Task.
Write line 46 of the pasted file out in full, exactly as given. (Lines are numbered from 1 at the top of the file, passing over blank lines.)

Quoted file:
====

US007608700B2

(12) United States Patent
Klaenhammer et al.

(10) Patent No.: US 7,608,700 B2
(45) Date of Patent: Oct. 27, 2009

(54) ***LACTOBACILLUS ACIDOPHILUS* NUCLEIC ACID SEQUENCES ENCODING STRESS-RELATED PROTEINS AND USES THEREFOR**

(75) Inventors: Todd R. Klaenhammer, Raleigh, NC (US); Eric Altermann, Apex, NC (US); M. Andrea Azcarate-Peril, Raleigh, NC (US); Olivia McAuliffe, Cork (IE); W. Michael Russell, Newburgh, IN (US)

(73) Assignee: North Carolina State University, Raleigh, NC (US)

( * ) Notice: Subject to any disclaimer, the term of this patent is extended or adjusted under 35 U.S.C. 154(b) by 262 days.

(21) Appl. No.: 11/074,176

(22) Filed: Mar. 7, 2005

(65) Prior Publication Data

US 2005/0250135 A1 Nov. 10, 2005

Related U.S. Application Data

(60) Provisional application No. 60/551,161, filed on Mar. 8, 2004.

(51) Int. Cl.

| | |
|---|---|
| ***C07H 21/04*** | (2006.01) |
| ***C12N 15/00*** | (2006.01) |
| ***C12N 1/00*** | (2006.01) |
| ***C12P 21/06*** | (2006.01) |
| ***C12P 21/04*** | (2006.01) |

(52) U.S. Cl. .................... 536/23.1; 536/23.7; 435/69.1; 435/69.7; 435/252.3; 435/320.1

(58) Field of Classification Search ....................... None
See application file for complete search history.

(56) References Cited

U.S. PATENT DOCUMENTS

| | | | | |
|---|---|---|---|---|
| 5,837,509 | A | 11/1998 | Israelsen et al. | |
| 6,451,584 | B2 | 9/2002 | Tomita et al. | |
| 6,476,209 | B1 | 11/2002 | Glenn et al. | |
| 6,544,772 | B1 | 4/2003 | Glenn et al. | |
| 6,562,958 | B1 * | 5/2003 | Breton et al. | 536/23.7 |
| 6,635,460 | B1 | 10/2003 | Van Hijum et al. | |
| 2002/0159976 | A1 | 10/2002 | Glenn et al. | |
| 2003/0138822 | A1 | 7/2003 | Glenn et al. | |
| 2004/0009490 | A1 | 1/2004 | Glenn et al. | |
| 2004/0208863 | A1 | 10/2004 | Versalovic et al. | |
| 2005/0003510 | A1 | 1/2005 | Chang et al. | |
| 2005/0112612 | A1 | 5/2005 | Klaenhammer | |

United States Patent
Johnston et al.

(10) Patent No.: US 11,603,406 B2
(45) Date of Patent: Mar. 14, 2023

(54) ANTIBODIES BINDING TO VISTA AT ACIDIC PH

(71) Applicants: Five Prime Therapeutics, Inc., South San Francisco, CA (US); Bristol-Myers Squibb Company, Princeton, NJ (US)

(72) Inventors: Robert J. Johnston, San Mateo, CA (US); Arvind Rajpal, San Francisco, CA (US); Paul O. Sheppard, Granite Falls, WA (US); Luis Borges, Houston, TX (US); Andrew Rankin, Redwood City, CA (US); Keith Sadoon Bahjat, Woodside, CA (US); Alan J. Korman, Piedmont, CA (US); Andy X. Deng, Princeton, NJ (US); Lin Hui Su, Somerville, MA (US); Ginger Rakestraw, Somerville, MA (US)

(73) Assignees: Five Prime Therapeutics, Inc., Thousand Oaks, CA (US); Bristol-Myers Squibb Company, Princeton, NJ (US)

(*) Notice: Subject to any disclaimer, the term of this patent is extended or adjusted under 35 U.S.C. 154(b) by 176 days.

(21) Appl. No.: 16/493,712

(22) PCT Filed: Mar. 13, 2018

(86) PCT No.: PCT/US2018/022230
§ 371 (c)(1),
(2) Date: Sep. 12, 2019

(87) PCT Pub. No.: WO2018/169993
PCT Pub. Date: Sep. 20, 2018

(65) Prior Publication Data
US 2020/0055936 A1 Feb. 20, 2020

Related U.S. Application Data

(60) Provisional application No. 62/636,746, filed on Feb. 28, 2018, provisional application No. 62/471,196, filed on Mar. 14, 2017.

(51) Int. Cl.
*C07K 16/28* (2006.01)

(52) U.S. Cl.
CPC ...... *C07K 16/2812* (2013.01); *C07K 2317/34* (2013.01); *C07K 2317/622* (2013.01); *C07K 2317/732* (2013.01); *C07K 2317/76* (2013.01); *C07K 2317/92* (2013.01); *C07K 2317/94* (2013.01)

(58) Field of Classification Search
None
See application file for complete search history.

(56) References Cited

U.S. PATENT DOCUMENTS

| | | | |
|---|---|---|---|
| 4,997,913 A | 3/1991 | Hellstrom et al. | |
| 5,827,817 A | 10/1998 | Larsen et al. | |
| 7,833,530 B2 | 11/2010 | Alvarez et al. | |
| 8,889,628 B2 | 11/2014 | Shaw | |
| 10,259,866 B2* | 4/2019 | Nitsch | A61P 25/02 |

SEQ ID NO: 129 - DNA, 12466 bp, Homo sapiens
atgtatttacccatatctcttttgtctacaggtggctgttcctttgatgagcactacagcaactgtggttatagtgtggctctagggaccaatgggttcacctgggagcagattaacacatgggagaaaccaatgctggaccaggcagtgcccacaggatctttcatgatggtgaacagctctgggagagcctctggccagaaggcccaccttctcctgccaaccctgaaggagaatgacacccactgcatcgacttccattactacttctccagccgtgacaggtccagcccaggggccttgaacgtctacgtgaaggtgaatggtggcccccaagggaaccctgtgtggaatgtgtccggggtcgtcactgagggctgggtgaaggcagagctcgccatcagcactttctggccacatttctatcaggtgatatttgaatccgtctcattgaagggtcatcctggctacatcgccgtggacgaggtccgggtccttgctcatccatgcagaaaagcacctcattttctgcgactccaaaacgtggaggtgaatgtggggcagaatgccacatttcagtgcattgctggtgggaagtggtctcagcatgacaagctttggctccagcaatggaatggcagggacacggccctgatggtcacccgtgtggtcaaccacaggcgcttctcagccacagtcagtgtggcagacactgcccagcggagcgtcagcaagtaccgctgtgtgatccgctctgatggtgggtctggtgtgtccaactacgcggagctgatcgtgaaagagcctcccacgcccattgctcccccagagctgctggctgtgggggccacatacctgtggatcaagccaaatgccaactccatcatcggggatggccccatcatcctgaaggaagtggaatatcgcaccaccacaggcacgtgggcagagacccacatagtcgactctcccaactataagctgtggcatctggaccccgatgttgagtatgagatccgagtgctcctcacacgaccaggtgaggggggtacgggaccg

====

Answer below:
(45) Date of Patent: Mar. 14, 2023